46

Why might methods be imperfect?

- a coding region may be missed
- an incomplete protein may be reported
- splicing may be predicted incorrectly
- coding regions may overlap
- exon assembly (splicing) may be different in different tissues
- some apparent coding sequences may be defective or not expressed

47

When was dynamic programming invented?

introduced by Needleman and Wunsch (global) in 1970 and formalised by Smith and Waterman (local) in 1981

48

What is meant by heuristics?

approximate fast methods

49

What does heuristics entail?

- index the database by finding locations of short 'words'
- take 'words' from the probe sequence and look them up in the index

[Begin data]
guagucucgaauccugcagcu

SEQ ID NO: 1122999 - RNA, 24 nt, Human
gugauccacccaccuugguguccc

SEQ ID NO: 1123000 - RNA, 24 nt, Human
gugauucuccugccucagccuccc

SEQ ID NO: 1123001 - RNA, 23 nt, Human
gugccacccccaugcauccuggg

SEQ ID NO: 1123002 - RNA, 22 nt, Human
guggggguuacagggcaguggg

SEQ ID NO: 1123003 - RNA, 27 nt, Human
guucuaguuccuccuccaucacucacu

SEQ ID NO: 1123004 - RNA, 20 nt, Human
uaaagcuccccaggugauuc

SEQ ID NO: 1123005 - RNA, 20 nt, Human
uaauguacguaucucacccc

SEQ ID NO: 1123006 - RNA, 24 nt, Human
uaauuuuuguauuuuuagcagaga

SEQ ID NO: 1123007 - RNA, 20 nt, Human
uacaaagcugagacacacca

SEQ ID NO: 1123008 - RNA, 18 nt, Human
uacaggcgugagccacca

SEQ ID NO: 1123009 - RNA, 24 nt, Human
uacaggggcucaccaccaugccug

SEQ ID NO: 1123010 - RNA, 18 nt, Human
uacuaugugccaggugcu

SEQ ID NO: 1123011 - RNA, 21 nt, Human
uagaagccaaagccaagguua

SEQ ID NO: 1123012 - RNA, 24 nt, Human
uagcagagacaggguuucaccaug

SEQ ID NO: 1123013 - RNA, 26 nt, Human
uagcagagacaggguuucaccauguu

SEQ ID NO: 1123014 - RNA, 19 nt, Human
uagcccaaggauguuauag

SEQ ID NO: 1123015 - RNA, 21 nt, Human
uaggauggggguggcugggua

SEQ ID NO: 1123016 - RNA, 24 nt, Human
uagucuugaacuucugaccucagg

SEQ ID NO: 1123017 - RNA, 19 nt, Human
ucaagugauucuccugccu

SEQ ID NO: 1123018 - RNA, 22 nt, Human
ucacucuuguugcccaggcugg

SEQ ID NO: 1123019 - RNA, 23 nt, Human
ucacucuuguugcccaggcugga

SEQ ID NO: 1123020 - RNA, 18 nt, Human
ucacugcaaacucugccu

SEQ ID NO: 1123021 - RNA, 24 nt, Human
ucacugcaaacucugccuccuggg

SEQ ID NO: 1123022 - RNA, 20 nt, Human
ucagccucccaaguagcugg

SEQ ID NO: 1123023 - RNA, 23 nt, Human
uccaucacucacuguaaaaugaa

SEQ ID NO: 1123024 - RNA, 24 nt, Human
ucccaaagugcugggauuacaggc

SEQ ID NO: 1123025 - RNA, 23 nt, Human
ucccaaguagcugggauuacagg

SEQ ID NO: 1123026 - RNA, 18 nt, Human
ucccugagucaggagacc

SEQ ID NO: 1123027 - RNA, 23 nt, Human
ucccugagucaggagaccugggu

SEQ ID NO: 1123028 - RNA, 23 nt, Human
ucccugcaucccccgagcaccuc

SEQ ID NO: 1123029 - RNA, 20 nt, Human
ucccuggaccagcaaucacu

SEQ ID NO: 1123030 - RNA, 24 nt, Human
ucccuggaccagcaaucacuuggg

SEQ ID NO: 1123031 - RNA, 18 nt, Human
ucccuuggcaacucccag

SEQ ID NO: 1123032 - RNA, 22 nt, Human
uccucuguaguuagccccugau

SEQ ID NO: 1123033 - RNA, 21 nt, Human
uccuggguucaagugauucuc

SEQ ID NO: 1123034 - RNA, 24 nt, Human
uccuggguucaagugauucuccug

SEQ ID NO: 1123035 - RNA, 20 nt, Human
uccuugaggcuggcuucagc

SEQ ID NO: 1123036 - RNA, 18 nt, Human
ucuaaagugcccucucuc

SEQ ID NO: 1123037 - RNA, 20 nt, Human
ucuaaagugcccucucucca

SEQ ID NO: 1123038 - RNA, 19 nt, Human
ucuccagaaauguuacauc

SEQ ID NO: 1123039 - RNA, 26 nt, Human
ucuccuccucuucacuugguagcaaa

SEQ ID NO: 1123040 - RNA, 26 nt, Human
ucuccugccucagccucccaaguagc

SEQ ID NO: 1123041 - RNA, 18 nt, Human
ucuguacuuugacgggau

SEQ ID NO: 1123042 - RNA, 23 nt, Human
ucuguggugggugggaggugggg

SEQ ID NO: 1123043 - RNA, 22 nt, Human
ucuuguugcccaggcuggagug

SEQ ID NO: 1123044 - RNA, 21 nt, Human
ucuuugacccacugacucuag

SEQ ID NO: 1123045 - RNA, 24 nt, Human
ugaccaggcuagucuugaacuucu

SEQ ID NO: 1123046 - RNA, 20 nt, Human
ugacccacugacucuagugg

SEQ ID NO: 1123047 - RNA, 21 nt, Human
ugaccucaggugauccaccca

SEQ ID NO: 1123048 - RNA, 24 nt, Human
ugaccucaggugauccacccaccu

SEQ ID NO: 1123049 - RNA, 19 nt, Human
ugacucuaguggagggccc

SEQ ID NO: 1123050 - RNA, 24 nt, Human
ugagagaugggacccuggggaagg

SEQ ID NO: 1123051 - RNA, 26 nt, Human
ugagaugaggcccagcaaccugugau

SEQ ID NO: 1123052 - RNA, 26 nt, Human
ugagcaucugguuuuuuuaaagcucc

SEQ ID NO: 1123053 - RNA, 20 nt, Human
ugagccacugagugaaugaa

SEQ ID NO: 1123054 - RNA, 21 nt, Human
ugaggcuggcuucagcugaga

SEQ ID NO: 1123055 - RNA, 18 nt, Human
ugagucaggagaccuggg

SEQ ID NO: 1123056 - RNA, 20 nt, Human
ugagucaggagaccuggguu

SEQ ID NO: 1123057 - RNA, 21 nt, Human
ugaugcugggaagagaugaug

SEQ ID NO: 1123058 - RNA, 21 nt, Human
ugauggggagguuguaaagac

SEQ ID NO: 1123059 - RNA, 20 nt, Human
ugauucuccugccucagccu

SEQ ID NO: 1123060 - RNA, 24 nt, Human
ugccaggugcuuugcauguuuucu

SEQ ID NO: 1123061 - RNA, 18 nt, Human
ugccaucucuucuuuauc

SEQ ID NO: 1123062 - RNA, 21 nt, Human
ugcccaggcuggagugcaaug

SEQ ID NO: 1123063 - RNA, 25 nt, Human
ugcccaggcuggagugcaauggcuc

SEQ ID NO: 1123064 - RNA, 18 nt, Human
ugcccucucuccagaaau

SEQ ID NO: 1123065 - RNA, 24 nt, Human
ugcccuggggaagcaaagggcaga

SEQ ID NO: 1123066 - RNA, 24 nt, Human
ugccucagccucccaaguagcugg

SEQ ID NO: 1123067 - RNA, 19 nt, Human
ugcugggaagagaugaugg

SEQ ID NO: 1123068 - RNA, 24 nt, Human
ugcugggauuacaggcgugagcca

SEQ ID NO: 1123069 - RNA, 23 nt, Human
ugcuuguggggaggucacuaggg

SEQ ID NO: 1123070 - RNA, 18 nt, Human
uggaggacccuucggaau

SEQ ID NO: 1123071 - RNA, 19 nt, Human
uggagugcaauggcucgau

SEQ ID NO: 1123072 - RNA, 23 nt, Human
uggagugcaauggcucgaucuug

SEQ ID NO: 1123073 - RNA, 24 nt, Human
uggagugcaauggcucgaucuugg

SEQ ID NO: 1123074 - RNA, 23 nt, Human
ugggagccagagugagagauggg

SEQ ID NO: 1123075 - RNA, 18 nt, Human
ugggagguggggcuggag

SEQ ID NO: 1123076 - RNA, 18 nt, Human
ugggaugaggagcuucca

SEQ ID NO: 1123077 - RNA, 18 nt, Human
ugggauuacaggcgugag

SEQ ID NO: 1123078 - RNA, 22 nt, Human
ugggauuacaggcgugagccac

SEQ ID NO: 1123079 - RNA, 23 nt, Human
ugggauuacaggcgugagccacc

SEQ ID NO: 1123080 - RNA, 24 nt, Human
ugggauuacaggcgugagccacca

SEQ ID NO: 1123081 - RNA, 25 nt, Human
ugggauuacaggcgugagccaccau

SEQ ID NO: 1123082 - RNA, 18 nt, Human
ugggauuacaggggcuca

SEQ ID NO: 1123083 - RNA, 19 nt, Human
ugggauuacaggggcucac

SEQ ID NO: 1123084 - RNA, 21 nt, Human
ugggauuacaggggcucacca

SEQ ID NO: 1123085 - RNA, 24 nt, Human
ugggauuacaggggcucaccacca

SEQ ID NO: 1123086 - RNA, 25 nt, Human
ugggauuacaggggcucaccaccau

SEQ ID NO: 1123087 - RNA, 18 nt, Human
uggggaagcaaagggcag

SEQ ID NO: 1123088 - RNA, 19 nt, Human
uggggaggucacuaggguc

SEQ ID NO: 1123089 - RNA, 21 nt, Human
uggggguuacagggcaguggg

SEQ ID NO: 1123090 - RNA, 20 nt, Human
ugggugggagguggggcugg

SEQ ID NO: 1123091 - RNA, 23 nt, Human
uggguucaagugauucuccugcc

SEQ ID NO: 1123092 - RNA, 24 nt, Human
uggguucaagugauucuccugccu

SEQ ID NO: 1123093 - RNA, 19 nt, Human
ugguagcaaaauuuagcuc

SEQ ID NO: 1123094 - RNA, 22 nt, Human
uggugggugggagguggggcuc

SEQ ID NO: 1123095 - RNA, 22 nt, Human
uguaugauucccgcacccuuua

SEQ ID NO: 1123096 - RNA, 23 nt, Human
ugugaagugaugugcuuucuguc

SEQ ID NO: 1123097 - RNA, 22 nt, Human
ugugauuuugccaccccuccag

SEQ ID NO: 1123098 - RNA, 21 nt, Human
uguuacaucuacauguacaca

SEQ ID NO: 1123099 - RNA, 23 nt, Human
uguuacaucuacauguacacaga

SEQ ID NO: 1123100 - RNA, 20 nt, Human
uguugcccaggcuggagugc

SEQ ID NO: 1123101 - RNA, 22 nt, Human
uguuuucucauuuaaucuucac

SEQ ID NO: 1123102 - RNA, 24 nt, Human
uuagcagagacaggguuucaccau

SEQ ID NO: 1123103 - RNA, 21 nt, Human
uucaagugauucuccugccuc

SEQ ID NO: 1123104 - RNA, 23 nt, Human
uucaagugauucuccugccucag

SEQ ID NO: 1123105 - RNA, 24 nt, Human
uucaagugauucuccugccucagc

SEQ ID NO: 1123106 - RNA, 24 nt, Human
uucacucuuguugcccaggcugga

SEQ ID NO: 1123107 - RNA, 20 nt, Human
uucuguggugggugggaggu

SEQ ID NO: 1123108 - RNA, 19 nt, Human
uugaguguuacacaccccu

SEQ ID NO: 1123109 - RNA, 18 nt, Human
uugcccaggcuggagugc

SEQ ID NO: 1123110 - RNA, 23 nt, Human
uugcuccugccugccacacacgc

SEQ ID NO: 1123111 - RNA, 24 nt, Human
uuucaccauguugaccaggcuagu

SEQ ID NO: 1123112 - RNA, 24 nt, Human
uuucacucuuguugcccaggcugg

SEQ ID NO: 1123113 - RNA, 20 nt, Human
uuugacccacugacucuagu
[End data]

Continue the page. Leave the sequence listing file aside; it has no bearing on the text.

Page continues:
- look for multiple matches and extend to find likely hits to full alignment

50

How is DNA sequenced?

by the Sanger method: di-deoxy chain termination

51

How does this apply to sequencing entire genomes?

each segment

52

What is meant by heuristics?

approximate fast methods

53

What does heuristics entail?

- index the database by finding locations of short 'words'
- take 'words' from the probe sequence and look them up in the index
- look for multiple matches and extend to find likely hits to full alignment

54

How is DNA sequenced?

by the Sanger method: di-deoxy chain termination

55

How does this apply to sequencing entire genomes?

each segment

56

What is fragment assembly?

aligning and merging fragments from a longer DNA sequence in orfer to reconstruct the original sequence

57

What is an algorithm?

A complete and precise set of steps that will solve a problem and achieve an identical result whenever given the same set of data to a defined level of accuracy.

58

What are two approaches to sequencing eukaryotes?

1. detect similarity with known coding regions